During independent assessment, the adjuducating member of the Editorial Board may consult with the original reviewers and/or authors.
Following independent assessment, a final decision on the appeal will be sent to the authors.
Note that if there is further dispute, the Editor-in-Chief will be called upon to make the final decision. The Biochemical Society as a whole has the responsibility to ensure that their Society-owned publications are run in line with scholarly publishing best practice in terms of ethics. In the rare event of any serious dispute, the Biochemical Society can also act as a final arbiter.
3. Ethical processes
(i) Animal experimentation
Experiments with animals should comply with national legislation and local Institutional Review Board requirements and there should be a statement to this effect in the paper. In the absence of any national regulations, authors/reviewers can seek advice from the Editorial Office. For additional information on the reporting of work in animals, please see the ARRIVE Guidelines.
(ii) Human experimentation
Papers describing any experimental work with humans should include a statement that the research has been carried out in accordance with the World Medical Association Declaration of Helsinki. Research should comply with national and Institutional Review Board requirements for ethical approval and informed consent. In the absence of any national regulations, authors/reviewers can seek advice from the Editorial Office.
(iii) Scientific publication
Portland Press is a member of COPE (Committee on Publication Ethics) and endorses its guidelines, including the Code of Conduct for Editors, which are available at http://www.publicationethics.org/. Complaints against the Journal must be submitted in writing to the Editor-in-Chief; if a complaint is not resolved to the satisfaction of the complainant they have the option of referring the matter to COPE.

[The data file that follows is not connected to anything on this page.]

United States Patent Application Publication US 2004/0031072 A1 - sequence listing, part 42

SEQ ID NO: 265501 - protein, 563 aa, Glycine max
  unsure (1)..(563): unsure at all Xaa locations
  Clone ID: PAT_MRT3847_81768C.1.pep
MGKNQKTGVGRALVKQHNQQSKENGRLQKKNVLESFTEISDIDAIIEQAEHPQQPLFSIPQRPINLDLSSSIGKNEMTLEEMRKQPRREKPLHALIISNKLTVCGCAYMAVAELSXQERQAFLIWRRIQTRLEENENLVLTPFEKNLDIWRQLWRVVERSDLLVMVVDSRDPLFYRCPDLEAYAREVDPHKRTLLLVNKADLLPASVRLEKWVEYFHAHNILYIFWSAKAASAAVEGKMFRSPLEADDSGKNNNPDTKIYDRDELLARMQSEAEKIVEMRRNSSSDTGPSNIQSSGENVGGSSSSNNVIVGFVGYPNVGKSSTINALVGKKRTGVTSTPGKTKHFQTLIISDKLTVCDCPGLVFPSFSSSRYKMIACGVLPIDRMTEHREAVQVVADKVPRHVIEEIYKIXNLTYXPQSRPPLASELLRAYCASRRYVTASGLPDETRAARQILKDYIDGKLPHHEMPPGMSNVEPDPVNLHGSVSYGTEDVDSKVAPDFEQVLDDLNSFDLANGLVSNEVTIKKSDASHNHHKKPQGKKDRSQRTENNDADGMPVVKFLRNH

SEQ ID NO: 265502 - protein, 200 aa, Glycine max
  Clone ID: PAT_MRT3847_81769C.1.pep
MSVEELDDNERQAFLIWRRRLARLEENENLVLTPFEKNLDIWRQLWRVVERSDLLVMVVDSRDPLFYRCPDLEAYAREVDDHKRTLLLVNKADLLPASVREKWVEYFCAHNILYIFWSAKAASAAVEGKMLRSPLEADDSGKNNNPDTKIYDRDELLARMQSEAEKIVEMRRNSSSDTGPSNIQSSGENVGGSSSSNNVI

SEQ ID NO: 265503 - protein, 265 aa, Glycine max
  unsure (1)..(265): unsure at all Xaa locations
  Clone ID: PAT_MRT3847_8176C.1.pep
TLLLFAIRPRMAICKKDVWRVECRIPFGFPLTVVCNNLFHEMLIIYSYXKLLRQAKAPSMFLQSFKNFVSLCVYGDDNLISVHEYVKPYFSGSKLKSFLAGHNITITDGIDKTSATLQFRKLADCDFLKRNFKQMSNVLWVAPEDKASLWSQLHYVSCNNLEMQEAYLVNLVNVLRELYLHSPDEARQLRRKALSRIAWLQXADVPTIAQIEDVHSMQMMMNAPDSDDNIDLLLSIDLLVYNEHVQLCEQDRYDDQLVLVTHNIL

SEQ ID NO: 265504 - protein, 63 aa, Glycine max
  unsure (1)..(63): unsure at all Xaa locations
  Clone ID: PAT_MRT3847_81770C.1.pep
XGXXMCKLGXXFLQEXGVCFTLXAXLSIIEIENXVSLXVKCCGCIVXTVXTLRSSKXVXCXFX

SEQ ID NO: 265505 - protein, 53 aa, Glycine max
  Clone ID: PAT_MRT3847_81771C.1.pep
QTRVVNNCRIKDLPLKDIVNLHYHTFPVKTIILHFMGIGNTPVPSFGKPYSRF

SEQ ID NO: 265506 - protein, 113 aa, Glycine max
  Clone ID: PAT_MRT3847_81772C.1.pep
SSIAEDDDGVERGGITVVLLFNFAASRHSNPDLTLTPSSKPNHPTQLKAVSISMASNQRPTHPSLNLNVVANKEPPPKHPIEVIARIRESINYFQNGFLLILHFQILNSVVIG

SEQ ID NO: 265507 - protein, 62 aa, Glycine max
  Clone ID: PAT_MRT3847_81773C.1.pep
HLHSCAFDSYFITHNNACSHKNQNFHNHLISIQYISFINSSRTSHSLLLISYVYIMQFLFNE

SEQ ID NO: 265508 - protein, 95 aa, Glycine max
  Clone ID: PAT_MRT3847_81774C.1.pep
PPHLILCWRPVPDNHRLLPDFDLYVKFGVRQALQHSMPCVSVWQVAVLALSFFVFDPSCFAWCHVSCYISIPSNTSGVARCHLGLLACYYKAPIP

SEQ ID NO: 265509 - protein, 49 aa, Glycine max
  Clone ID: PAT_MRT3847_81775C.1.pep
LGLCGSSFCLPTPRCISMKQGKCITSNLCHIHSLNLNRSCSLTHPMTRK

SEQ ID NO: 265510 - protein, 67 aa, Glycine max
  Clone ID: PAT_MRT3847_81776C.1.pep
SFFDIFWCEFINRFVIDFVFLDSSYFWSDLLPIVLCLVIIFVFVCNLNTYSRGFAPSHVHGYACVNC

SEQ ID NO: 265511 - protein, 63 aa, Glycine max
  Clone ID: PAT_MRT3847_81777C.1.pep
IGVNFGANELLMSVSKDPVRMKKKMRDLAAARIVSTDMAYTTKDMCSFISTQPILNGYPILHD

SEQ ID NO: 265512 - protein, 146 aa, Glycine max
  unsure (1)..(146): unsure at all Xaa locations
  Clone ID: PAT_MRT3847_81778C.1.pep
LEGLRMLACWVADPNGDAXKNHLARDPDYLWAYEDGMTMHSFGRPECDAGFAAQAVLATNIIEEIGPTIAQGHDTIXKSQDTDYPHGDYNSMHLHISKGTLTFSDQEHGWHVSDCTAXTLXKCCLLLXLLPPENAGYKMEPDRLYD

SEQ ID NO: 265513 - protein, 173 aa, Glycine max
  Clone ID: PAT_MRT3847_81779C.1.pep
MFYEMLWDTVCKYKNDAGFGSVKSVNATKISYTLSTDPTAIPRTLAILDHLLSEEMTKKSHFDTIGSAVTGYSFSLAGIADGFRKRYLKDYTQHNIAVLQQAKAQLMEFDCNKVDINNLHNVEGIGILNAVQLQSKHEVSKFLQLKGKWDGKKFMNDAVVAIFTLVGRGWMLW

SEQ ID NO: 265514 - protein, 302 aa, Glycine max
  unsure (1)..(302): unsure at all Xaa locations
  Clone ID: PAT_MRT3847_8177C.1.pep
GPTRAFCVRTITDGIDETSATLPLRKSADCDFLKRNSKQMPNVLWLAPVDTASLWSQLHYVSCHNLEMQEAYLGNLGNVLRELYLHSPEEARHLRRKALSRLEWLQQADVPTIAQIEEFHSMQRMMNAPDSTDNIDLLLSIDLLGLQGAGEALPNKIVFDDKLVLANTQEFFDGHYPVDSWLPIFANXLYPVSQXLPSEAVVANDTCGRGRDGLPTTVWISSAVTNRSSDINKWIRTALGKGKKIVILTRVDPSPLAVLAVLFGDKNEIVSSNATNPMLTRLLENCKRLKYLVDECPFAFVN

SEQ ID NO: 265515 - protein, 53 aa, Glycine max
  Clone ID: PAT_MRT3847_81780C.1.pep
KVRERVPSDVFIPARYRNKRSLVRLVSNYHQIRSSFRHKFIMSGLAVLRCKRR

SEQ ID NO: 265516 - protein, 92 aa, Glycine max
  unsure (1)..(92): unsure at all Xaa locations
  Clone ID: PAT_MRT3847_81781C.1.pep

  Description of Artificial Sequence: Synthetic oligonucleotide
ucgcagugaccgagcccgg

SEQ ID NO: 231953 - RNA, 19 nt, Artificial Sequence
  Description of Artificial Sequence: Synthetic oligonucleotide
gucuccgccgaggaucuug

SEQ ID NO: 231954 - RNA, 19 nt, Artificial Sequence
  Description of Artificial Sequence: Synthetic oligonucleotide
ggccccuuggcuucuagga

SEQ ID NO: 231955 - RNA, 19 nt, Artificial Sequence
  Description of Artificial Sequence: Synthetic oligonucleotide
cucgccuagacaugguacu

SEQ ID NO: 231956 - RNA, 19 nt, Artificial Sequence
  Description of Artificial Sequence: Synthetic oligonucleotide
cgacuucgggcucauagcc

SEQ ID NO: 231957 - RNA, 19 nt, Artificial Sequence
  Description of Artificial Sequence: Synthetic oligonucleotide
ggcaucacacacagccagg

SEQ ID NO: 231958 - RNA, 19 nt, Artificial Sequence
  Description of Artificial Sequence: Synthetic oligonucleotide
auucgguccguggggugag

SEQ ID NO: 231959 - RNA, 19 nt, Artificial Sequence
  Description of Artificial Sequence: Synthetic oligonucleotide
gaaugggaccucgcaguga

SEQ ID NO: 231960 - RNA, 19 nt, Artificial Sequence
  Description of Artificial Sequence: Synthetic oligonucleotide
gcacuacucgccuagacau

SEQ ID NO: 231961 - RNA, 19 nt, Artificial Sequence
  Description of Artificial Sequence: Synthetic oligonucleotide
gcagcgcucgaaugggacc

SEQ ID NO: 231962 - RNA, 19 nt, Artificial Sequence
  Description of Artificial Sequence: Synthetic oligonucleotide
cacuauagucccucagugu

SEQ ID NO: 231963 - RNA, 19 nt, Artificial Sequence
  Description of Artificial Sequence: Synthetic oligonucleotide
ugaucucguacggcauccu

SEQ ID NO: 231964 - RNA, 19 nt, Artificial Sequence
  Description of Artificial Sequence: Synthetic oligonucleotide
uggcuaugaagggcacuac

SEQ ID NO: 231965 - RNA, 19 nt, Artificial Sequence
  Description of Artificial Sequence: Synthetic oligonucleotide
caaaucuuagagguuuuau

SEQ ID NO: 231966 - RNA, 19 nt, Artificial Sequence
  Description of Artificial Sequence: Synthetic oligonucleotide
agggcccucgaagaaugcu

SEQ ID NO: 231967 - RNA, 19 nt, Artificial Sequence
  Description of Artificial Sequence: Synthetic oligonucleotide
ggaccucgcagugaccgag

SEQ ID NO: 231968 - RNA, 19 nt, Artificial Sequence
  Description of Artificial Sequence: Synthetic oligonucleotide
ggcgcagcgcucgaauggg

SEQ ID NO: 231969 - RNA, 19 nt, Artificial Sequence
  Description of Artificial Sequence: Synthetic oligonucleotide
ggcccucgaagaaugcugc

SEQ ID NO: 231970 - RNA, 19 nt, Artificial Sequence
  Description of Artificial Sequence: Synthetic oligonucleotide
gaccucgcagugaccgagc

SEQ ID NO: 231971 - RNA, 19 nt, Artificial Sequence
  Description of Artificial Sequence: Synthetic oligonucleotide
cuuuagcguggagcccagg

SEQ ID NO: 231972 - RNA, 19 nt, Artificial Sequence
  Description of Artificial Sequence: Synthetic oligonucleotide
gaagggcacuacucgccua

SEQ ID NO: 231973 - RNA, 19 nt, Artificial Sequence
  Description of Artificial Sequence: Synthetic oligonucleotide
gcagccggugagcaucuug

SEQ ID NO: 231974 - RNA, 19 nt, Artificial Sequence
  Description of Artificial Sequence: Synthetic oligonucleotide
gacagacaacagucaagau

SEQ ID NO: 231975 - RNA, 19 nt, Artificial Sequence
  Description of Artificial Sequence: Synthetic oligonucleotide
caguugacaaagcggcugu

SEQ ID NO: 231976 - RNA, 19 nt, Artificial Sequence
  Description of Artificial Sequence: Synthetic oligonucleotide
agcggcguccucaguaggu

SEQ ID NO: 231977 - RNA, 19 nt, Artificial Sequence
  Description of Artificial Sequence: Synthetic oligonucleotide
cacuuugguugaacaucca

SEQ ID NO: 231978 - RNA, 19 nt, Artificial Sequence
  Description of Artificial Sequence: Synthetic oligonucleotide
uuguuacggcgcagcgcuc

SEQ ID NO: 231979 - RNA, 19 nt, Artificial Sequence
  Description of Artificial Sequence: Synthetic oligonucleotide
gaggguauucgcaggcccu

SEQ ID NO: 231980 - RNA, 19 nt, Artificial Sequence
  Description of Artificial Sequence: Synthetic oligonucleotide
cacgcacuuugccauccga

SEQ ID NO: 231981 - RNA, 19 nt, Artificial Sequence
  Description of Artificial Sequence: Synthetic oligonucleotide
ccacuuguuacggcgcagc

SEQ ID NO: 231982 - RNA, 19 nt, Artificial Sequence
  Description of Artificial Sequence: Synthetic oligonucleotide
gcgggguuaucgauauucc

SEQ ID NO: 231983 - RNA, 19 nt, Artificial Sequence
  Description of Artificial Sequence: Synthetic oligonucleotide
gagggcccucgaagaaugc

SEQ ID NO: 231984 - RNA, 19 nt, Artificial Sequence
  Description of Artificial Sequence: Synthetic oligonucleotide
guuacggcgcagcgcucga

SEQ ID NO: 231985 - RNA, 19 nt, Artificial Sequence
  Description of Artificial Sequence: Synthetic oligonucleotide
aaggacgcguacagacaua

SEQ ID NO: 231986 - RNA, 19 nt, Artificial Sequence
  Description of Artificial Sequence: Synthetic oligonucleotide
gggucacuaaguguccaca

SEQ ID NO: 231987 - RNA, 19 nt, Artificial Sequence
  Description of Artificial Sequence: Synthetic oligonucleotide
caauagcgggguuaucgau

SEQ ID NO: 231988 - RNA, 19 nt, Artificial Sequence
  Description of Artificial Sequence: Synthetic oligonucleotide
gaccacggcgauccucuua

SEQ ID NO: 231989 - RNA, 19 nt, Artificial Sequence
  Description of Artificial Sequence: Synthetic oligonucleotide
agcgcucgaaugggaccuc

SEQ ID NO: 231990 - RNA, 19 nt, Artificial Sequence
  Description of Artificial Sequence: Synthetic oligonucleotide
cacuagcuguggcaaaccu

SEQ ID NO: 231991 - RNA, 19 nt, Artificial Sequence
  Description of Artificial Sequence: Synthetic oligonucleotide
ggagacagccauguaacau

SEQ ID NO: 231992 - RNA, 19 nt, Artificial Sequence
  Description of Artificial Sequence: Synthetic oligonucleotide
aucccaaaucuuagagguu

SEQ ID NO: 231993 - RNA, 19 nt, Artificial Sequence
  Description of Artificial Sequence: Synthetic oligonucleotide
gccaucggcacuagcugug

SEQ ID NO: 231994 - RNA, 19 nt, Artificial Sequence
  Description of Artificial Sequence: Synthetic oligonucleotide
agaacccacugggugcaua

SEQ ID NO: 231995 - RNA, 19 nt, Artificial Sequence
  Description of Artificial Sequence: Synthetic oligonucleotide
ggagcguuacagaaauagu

Authors may like to refer to the Ethical Guidelines to Publication of Chemical Research formulated by the American Chemical Society [see Biochemistry (1986) 25, 9A–10A].
Notwithstanding, the Editorial Board will not accept papers where the ethical aspects are, in the Editorial Board's opinion, open to doubt.
Portland Press believes that the Editorial Boards of its journals has a duty to protect the scientific record. Therefore it will always investigate fully any matter of apparent misconduct that it becomes aware of with respect to both published and unpublished papers, in conjunction with the institution where the work was performed or with funding bodies as appropriate.
Portland Press journals follow the guidelines published by COPE in respect of the retraction of articles.
Plagiarism and duplication submissions
Portland Press will not tolerate plagiarism in manuscripts submitted to its journals. Passages quoted or closely paraphrased from other authors (or from the submitting authors' own published work) must be identified as quotations or paraphrases, and the sources of the quoted or paraphrased material must be acknowledged. Use of unacknowledged sources will be construed as plagiarism. If any manuscript is found to contain plagiarized material the review process will be halted immediately.
Portland Press defines duplicate and prior publication as set out in the International Committee of Medical Journal Editors' (ICMJE) Recommendations for the Conduct, Reporting, Editing and Publication of Scholarly Work in Medical Journals. This does not preclude Portland Press from considering a paper that is an extension of preliminary work or work previously presented in abstract form; however, this should be clearly stated in any cover letter. For example, content published on forums such as BioRxiv do not constitute prior publication.